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PostNL Tracks Temperature-Sensitive Pharmaceuticals Via RFID

The company has installed SenseAnywhere active UHF transceivers and receivers within the postal vehicles it operates in Belgium.
By Claire Swedberg
Jul 15, 2014

PostNL's Belgium division is employing active ultrahigh-frequency (UHF) RFID tags and readers provided by SenseAnywhere to identify locations and conditions inside vehicles as goods—such as pharmaceuticals and other health-care products—are transported from one site to another. SenseAnywhere manufactures the radio frequency identification technology being used and, in the case of PostNL, also provides the software managing the data on a hosted, cloud-based server.

Netherlands-based SenseAnywhere, founded in 2009, produces wireless technology with a focus on active RFID, wireless sensors and Internet of Things connectivity, says Tom Heijnen, the company's founder, owner and managing director. In 2010, SenseAnywhere released a system consisting of active UHF RFID transponders designed to be built into personal weight scales and blood pressure monitors supplied by Beurer and Terraillon.

The AiroSensor (left) has built-in temperature or humidity sensors, as well as an accelerometer for measuring motion, tilt and shock; the AssetSensor has just an accelerometer.
The scale and monitors work in conjunction with SenseAnywhere's RFID reader—which the company calls an AccessPoint—to receive RFID transmissions, convert the data into IP-based information and forward it to cloud-based servers via an Ethernet or other Internet connection. Software on the server confirms the data's receipt and sends a confirmation back to the user's AccessPoint device, which forwards the confirmation to the transponder within the scale or blood pressure monitor, in order to indicate its transmission was received and thus the measurement data can be deleted from its own memory. If the transponder does not receive such a message, it will automatically retry the communication at preset intervals until it is received in the cloud. The data is temporarily stored and immediately forwarded to the user, to be stored by that user's application.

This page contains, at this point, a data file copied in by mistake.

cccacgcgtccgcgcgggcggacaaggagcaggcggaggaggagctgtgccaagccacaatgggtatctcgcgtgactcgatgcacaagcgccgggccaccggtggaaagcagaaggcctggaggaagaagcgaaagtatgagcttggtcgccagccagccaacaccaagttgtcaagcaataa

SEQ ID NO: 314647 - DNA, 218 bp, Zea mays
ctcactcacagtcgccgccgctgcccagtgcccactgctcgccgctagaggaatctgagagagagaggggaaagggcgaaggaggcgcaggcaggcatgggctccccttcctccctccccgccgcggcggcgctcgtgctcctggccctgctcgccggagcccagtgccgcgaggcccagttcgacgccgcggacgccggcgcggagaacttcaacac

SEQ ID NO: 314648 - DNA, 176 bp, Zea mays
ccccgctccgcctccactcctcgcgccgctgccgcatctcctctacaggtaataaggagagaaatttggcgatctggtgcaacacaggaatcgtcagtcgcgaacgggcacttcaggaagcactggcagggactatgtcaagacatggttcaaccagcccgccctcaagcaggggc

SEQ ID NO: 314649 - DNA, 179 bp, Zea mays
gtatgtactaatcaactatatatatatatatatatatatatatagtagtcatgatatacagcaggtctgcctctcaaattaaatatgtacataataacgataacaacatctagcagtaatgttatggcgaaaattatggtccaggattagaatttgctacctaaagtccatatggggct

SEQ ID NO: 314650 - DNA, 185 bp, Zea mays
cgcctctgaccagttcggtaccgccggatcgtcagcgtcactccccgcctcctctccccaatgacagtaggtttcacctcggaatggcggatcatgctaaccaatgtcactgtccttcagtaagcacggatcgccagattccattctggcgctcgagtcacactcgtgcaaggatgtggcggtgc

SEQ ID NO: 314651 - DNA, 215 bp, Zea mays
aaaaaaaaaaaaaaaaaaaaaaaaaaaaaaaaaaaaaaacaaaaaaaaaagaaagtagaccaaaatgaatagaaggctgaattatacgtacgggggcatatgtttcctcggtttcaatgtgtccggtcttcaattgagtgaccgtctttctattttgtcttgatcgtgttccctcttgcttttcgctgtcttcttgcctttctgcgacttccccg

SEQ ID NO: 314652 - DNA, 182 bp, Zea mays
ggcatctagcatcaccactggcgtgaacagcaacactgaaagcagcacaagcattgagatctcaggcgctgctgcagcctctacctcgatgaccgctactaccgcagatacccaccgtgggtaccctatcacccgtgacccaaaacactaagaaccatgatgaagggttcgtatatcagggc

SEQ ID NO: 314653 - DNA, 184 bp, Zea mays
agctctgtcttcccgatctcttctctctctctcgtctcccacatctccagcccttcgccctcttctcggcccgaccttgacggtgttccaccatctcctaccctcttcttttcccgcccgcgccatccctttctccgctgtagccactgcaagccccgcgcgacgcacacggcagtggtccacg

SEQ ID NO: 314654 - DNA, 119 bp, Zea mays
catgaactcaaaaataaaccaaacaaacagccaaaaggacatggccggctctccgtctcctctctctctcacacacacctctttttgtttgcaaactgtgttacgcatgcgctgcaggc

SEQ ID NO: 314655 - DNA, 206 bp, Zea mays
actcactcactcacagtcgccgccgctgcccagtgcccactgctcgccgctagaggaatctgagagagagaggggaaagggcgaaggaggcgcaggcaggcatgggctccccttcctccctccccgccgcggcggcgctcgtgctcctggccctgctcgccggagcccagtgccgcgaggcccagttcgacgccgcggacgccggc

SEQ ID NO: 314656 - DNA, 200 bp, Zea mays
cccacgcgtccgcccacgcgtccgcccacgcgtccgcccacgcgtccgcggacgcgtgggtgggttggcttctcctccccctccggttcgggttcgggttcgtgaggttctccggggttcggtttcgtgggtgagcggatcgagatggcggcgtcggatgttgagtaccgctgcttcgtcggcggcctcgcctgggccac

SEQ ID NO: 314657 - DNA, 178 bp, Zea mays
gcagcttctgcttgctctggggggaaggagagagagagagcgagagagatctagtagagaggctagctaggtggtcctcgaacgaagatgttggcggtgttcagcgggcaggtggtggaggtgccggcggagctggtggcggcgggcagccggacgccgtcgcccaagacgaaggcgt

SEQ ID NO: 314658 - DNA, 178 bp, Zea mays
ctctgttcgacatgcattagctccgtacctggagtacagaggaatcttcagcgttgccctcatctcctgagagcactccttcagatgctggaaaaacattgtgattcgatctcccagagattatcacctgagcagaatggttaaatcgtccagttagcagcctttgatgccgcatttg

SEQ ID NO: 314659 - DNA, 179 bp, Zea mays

The collected data can also be accessed via Web-based software or an application, by the consumer and by authorized parties—such as a physician, to view an individual's weight or blood pressure readings. SenseAnywhere provides its tags and readers to systems integrators that sell products and solutions directly to customers in the Netherlands and elsewhere worldwide.

Since 2010, Heijnen reports, SenseAnywhere has been developing transponders for a variety of other use cases. The firm has designed an ultra-low-power active RFID tag that is calls an AiroSensor, which requires a single cell battery that can last for up to 10 years. The AiroSensor—which comes with temperature and humidity sensors, as well as an accelerometer, and operates at the 868 or 915 MHz UHF band—can be used to monitor the whereabouts of goods within the supply chain (based on the readers' known locations), while built-in sensors enable it to monitor conditions in cold chain logistics, as well as temperatures within rooms or refrigerators, for retail, pharmaceutical and health-care environments.

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